Powerlifting duo muscles competition
May 02, 2016 01:00PM ● Published by Community News Service
Carrie Ward looks on as Becky Free executes a lift during a recent session at Shock It Fitness. (Photo by Suzette J. Lucas.)
Every day, Carrie Ward and Rebecca Free are up before the sun rises. The women meet daily in the morning’s early hours, Ward training Free in the deadlift. Both World National Powerlifting Federation competitors, the two work and work, gradually increasing Free’s reps and weight progression from session to session. Free can deadlift 255 pounds, the weight of her husband and their two sons combined.
Ward competed for the last time—at the WNPF Lifetime All Raw National Tournament of Champions—in February 2013, earning second place. Almost immediately following that showing, a stage 3B cancer diagnosis brought her brief career to an abrupt halt.
But she knew she had the knowledge and passion needed to use her skills to coach others who shared the same desire to become stronger and healthier.
Free was one of those people, and she has taken over the competition reins.
It was a sweet victory, but one she never would have envisioned prior to a year or two ago. Free just wanted to better herself when she enrolled in classes at Shock It Fitness, which Ward owns.
“Taking care of your personal health is one of the most empowering things you can do,” Free said. “Fitness is Carrie’s passion, and it is evident in everything that she does. [Free and Ward’s other clients] are mothers, teachers, scientists and homemakers who go from ordinary to extra ordinary for a small part of the day. I am a better mother, wife and employee because of the physical strength I have developed.”
Ward and Free spend many of their sessions focusing on the deadlift. The emphasis is on a gradual of progression of weight, starting off with a 10-rep warmup that uses a 45-pound empty bar. The weight gradually increases with weights added to the bar, starting at 135 pounds for eight reps. The eight reps are continued with each weight increase, until Free has reached the weight limit. At that point, the reps decrease to six. The warm down consists of accessory lifts, such as pull-ups, which help work the muscles that help to promote a stronger deadlift.
Though her first compeition focused solely on the deadlift, Free is considering taking part in a full powerlifting competition this summer or fall. She will compete in three different exercisess: deadlift, squat and bench press.
Watching Free, 43, lift at the February tournament was like seeing double, said Vivian Tuccillo-Giglio, who also trains at Shock It. She has seen both women compete.
“It was like Carrie crawled inside Becky’s body and took over, motoring her forward,” Tuccillo-Giglio said.
The foray back into the competitive circuit was a welcome change for Ward. Since her cancer diagnosis, she has struggled daily with finding her new identity—the physicality and competitive desire that once defined her were forced to take a backseat once her treatment started. It’s been that way ever since.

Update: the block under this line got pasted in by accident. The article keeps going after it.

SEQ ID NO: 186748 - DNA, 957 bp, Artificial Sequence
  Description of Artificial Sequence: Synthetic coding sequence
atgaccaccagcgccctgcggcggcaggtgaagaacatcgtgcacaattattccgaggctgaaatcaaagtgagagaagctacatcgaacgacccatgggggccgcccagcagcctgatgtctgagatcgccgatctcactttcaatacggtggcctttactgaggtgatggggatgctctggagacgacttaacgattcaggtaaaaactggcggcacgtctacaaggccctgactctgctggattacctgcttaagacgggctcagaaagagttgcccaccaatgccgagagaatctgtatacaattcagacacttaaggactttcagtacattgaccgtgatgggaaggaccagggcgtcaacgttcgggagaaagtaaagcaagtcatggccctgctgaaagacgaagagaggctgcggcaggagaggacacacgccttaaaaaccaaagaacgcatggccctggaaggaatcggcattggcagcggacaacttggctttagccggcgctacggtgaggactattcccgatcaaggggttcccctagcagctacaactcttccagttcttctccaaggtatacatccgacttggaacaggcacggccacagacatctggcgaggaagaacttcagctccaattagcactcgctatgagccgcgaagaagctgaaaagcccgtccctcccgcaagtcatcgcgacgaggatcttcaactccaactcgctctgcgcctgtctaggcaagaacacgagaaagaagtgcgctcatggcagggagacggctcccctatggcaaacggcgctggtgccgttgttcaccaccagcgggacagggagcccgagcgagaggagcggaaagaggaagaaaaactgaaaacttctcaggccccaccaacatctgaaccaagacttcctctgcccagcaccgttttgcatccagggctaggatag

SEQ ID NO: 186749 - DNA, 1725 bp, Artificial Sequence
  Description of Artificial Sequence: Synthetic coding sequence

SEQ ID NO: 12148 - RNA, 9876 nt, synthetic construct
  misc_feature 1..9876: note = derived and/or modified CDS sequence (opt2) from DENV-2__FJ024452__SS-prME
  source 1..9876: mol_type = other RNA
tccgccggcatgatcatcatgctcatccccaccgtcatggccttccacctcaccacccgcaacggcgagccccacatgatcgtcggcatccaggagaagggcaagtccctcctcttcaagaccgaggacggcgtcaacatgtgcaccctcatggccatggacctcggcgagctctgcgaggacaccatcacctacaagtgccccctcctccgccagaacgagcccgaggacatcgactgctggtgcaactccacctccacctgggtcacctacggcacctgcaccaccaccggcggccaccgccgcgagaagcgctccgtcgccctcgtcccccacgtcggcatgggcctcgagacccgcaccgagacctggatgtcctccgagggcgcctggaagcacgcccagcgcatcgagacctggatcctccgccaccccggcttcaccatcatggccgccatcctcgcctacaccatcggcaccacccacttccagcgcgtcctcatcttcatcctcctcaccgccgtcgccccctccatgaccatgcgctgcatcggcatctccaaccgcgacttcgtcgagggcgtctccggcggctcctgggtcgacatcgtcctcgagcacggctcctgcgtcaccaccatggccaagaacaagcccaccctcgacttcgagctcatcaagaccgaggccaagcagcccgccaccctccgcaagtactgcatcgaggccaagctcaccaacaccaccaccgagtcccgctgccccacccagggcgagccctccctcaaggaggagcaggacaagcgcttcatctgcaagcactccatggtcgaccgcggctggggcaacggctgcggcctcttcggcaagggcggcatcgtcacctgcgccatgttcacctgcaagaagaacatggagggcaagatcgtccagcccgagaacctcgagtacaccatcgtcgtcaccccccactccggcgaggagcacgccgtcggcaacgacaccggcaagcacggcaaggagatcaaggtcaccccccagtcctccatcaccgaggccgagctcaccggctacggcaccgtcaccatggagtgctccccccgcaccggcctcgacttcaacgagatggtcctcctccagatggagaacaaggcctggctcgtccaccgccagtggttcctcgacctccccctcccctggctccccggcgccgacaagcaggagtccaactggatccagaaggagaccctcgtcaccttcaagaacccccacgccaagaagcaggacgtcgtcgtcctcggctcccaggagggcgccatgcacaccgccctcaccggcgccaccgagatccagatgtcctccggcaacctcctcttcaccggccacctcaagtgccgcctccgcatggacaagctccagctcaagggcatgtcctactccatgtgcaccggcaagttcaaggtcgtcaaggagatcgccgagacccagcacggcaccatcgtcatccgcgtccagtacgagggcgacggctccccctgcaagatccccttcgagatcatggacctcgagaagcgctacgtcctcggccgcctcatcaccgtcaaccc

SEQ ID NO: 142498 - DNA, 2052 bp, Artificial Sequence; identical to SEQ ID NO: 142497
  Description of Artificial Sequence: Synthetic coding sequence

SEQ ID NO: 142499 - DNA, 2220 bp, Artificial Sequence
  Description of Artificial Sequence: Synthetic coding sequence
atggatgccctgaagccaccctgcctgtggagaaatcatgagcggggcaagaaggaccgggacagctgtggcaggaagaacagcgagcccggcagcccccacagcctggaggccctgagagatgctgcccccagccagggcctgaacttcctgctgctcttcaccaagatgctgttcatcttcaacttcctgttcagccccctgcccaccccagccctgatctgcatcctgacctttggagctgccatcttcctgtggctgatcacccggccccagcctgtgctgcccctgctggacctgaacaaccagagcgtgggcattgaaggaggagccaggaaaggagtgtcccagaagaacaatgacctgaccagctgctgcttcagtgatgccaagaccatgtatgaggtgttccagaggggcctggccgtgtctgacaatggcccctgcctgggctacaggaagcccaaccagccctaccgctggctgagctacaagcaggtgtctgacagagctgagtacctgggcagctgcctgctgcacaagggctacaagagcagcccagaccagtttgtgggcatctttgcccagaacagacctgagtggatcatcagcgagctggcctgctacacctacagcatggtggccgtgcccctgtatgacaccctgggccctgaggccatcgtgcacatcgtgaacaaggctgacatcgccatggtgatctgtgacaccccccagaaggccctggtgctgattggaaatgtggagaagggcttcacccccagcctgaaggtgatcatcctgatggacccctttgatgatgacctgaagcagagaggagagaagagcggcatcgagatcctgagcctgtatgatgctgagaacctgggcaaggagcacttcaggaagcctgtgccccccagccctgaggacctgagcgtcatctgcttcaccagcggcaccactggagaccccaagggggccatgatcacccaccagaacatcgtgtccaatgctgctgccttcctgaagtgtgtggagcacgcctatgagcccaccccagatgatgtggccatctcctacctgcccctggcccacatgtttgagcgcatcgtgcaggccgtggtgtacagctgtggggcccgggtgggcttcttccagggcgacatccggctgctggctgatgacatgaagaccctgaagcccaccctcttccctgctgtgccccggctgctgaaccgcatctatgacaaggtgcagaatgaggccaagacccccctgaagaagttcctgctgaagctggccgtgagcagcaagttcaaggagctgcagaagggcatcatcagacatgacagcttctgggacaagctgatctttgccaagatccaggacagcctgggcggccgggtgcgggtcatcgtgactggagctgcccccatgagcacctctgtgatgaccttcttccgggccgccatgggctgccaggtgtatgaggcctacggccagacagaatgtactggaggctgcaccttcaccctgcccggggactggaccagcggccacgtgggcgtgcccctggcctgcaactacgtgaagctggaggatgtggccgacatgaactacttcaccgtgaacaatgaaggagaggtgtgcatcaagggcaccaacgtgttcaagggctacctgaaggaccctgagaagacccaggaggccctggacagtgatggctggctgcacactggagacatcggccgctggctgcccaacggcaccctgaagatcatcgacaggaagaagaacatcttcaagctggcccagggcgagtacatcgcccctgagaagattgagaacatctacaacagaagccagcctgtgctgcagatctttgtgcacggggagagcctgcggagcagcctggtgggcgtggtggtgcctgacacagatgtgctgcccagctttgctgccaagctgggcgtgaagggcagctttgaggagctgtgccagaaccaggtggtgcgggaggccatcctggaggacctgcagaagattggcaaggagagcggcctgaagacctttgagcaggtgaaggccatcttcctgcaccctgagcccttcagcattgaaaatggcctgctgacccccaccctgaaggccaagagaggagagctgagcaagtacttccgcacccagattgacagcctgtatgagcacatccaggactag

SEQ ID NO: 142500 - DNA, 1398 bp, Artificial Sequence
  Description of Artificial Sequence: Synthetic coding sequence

“I highly doubt there is one cancer survivor that can say that their diagnosis and treatment didn’t change them in one way, shape or form,” she said. “On a daily basis, the path of destruction that six weeks of daily radiation and chemo has left behind, to save my life, has shattered the core of who I am. Before cancer, I relied on my physical capacity to do some pretty crazy things to keep me in a positive, confident mindset and fuel my spirit.”
But she is still strong, and still able to train others—she doesn’t take any days at the gym for granted.
Most days, Ward, 43, wakes up at 3:55 a.m., first making sure everything is in order for her 11-year-old son, Zach. She is out the door and on her way to the gym by 4:15 a.m., when she starts her daily routine of reciting three different things she is grateful for each day while listening to songs that motivate her. She gets things ready for her “Fit Crew” at the gym, jotting down the day’s workout schedule on a dry erase board, and the first class of the day starts at 5 a.m., Free’s usual class.
That class is usually a 45-minute workout that focuses on strength and metabolic training. The second class begins at 6 a.m. and is usually a conditioning class, yoga or another strengthening class. After that class on Tuesdays and Thursdays, Ward runs back home to get Zach ready for school in between workouts—that time is “super special,” she said.
“I really admire Carrie as a person, a role model and a coach,” Free said. “She has a way of seeing something in us that we don’t see in ourselves. This means so much to all of us. All of us have better days because of Carrie.”
That’s exactly what Ward has set out to do.
“I love the saying by Martin Rooney who says that ‘A trainer lights a fire under someone. A coach lights a fire inside someone,’” she said. “This is what I believe in every day.”
And it’s helped her reinvent her purpose during a period of uncertainty.
“I have not given up,” Ward said. “Whether you are a cancer survivor, or your life has had some sort of devastating turn, you still have purpose. Don’t look back, but don’t look to far forward either, especially if it’s defeating and robbing you of the joys of today. Most importantly, surround yourself with people who love you, support you, believe in you and lift you up. Have faith and your redefined purpose and path will be clear.”